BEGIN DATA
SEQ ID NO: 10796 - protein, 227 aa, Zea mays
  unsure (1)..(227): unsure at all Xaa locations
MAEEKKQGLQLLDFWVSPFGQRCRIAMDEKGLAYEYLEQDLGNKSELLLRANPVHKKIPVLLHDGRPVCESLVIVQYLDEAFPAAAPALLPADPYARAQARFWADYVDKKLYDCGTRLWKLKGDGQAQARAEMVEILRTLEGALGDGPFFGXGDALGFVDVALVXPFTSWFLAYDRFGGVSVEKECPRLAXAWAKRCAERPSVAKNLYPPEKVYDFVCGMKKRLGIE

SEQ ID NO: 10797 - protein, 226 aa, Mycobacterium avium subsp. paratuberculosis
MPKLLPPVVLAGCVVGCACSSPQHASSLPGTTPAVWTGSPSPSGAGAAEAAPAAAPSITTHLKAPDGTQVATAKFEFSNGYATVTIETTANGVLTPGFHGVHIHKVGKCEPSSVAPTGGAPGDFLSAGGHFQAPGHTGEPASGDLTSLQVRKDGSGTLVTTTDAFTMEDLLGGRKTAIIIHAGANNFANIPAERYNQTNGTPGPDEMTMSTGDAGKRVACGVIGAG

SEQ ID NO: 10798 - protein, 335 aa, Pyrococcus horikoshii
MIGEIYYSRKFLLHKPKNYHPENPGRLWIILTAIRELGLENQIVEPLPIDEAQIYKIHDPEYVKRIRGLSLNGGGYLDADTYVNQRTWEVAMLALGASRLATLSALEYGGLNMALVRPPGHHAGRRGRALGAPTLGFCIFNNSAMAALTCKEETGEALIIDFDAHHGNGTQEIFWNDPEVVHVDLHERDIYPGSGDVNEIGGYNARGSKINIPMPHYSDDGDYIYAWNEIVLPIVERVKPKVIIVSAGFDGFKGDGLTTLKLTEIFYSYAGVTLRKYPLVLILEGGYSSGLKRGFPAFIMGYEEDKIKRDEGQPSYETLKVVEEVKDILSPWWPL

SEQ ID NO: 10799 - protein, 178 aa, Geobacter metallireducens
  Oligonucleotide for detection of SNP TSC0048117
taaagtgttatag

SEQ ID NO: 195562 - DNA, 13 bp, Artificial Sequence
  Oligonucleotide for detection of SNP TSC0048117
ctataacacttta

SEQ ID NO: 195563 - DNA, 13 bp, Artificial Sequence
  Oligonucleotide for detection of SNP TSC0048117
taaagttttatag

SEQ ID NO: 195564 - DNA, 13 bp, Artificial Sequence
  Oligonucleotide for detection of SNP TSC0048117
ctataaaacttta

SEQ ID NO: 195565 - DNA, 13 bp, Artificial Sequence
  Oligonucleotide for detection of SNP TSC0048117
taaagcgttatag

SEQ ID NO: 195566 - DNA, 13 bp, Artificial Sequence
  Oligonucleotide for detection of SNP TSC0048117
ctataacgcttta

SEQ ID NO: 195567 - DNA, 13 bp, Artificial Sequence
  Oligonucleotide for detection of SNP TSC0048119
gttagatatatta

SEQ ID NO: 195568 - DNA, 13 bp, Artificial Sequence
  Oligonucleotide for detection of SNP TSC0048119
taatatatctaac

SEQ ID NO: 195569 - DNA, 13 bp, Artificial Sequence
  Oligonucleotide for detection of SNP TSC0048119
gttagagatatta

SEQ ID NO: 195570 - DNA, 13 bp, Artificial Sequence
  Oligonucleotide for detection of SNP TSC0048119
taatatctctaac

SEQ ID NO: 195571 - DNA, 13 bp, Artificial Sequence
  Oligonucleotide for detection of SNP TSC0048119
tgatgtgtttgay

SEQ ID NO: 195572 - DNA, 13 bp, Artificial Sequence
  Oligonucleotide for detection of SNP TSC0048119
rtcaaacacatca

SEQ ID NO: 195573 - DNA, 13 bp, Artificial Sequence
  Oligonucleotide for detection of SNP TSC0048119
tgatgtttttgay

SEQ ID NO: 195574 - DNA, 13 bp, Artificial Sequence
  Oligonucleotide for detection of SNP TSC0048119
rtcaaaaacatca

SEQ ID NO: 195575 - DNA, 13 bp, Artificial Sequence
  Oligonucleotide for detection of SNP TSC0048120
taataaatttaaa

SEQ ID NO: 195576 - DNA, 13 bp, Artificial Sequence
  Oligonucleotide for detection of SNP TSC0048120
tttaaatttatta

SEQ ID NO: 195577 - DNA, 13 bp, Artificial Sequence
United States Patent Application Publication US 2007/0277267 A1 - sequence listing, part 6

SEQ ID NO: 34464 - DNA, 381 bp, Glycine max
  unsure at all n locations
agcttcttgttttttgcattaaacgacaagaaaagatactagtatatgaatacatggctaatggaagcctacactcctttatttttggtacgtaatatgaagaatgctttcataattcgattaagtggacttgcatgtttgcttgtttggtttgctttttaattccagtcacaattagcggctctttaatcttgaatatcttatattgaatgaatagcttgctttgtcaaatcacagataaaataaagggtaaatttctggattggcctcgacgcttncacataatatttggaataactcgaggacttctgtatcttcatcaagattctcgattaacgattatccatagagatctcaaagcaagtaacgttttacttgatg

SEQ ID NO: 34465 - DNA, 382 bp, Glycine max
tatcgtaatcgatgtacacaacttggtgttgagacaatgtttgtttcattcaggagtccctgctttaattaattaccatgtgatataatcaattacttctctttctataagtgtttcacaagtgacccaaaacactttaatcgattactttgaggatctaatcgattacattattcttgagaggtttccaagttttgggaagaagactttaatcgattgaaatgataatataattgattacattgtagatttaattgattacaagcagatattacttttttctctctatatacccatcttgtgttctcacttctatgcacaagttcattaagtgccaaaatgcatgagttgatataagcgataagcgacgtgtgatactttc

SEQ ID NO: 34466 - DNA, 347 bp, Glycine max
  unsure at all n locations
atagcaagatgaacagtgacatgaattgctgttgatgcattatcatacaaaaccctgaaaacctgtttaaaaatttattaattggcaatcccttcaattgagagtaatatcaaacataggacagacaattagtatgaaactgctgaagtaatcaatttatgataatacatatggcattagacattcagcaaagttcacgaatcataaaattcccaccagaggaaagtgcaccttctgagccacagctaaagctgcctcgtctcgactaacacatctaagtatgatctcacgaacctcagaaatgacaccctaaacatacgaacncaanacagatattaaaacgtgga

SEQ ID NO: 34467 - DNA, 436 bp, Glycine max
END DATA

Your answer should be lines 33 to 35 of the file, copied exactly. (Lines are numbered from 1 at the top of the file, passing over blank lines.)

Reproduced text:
  Oligonucleotide for detection of SNP TSC0048119
gttagagatatta

SEQ ID NO: 195570 - DNA, 13 bp, Artificial Sequence